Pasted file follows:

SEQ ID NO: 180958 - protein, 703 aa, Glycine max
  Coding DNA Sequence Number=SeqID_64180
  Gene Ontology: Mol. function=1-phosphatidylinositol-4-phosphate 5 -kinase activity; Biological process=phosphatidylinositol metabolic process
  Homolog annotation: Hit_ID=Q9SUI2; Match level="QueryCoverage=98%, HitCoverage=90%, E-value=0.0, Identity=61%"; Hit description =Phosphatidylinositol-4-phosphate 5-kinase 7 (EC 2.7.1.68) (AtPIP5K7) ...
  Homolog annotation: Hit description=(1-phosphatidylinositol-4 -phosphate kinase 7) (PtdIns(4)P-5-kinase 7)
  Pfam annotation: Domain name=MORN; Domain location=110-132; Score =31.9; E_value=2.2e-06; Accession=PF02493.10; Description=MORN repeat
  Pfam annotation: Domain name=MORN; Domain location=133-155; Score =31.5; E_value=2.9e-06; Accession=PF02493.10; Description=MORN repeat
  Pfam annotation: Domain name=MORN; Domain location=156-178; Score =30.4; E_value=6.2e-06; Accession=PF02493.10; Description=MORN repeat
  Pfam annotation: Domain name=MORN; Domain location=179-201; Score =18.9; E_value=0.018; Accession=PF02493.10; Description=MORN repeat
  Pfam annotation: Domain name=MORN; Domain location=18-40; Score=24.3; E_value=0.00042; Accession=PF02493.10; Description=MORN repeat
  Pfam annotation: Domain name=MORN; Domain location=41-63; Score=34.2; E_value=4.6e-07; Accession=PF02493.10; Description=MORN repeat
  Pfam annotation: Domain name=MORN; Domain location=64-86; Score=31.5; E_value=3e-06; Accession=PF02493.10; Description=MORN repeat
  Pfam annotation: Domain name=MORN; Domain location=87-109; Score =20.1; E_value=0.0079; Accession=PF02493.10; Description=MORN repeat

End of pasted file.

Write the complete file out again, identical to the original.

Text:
SEQ ID NO: 180958 - protein, 703 aa, Glycine max
  Coding DNA Sequence Number=SeqID_64180
  Gene Ontology: Mol. function=1-phosphatidylinositol-4-phosphate 5 -kinase activity; Biological process=phosphatidylinositol metabolic process
  Homolog annotation: Hit_ID=Q9SUI2; Match level="QueryCoverage=98%, HitCoverage=90%, E-value=0.0, Identity=61%"; Hit description =Phosphatidylinositol-4-phosphate 5-kinase 7 (EC 2.7.1.68) (AtPIP5K7) ...
  Homolog annotation: Hit description=(1-phosphatidylinositol-4 -phosphate kinase 7) (PtdIns(4)P-5-kinase 7)
  Pfam annotation: Domain name=MORN; Domain location=110-132; Score =31.9; E_value=2.2e-06; Accession=PF02493.10; Description=MORN repeat
  Pfam annotation: Domain name=MORN; Domain location=133-155; Score =31.5; E_value=2.9e-06; Accession=PF02493.10; Description=MORN repeat
  Pfam annotation: Domain name=MORN; Domain location=156-178; Score =30.4; E_value=6.2e-06; Accession=PF02493.10; Description=MORN repeat
  Pfam annotation: Domain name=MORN; Domain location=179-201; Score =18.9; E_value=0.018; Accession=PF02493.10; Description=MORN repeat
  Pfam annotation: Domain name=MORN; Domain location=18-40; Score=24.3; E_value=0.00042; Accession=PF02493.10; Description=MORN repeat
  Pfam annotation: Domain name=MORN; Domain location=41-63; Score=34.2; E_value=4.6e-07; Accession=PF02493.10; Description=MORN repeat
  Pfam annotation: Domain name=MORN; Domain location=64-86; Score=31.5; E_value=3e-06; Accession=PF02493.10; Description=MORN repeat
  Pfam annotation: Domain name=MORN; Domain location=87-109; Score =20.1; E_value=0.0079; Accession=PF02493.10; Description=MORN repeat